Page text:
Television Review

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The Independent Culture
FOR ALL the excitable talk you hear about sexual stereotypes breaking down, about people forging their own identities and discovering new gender roles, not much has changed. In last week's opening episode of the documentary series Soldiers to Be (BBC1), we saw a platoon of women army recruits introducing themselves to each other with little speeches about their families and their commitment to the job; by contrast, a platoon of men showed off about their near-misses with the law. (One NCO prophesied that the army will soon be taking murderers.)

Last night, the women were taken out into the woods to get a taste of the outdoor life ("You've got to be at one with the woods," a corporal explained as they rolled in the mud). After a night in the open, their kit was inspected, and found to be, well, too girly. One had taken along a cloth toilet-bag with a floral pattern; one had brought her own hairspray; another had two different types of deodorant. Still, compared with the throat-ripping the men suffered last week, their telling off was quite moderate: "Everything's a more gentle reproach with the females," according to a corporal. Meanwhile, some of the men were having trouble with PT; their instructor offered some gentle encouragement: "You are soldiers now, not pansies in civvy street."

Generally speaking, the army seems to rely on a somewhat stereotyped view of human nature: we've also heard over the last couple of weeks that southerners tend to be soft and that young people are not what they used to be. You can understand why it is that the army is unhappy about admitting homosexuals: the problem isn't so much that soldiers are worried about being eyed up in the showers, it's that, given the necessarily tight restrictions that military discipline places on soldiers, there isn't much room for any sort of deviation from the norm.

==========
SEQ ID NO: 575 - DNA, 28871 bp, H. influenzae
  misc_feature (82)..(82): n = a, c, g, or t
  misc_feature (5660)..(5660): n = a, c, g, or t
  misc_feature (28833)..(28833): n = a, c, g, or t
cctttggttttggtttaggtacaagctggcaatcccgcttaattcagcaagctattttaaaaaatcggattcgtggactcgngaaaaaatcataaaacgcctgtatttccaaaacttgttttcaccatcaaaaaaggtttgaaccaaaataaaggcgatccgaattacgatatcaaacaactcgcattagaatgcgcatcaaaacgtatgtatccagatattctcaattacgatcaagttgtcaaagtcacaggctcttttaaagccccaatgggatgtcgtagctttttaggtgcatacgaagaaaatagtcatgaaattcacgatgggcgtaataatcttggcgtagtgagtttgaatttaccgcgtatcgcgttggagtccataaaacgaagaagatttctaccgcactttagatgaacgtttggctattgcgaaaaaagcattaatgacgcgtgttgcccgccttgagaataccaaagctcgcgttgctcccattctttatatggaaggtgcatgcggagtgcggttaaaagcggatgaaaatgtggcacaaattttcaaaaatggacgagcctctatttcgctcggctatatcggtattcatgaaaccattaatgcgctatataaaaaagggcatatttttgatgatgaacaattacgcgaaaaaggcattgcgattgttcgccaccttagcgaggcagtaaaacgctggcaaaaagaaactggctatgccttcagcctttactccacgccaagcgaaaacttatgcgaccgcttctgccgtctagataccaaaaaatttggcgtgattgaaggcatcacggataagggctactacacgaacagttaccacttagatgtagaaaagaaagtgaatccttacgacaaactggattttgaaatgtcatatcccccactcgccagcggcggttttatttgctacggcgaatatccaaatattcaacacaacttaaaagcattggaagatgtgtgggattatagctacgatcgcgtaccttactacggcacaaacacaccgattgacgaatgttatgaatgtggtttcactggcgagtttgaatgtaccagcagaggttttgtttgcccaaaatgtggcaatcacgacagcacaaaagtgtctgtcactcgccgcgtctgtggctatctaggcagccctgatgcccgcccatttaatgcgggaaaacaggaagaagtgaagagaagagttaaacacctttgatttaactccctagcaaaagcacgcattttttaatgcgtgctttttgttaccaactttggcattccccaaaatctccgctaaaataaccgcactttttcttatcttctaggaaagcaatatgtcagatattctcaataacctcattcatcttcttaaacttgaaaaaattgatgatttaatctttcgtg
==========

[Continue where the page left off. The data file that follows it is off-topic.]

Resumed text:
That is exaggerated by the recruits in Soldiers to Be - young, nervous, desperate to fit in, they don't have any time or energy for rebellion or flamboyance. The upshot is that the only drama available to the programme is the drama of weakness: it's the flabby, the undisciplined, the apathetic ones who attract the camera. Last week, it was Recruit Much, whose poor motivation was expressed in a series of increasingly debilitating injuries before he was chucked out; this week, it was Wayne Egglestone, a lumbering 17-year-old who was struggling to run fast enough for army requirements. He did make the speed, but was put back in training anyway. Taken by itself, Egglestone's story was not undramatic, but the series' bias towards failure is getting wearing.

Back with the pansies on civvy street, and doing something to break down the stereotypes, Julia Grant finally achieved happiness in the final part of A Change of Sex (BBC2), "marrying" - as far as is legally possible - her boyfriend, Alan. I still don't see this as a necessary resolution, given the level of self-assurance she showed in the last film, but apparently, when that was broadcast, a remark of Julia's about money she had earned was picked up by the Inland Revenue, and she ended up bankrupt. So perhaps this one was made by way of making up for that. Quite right too.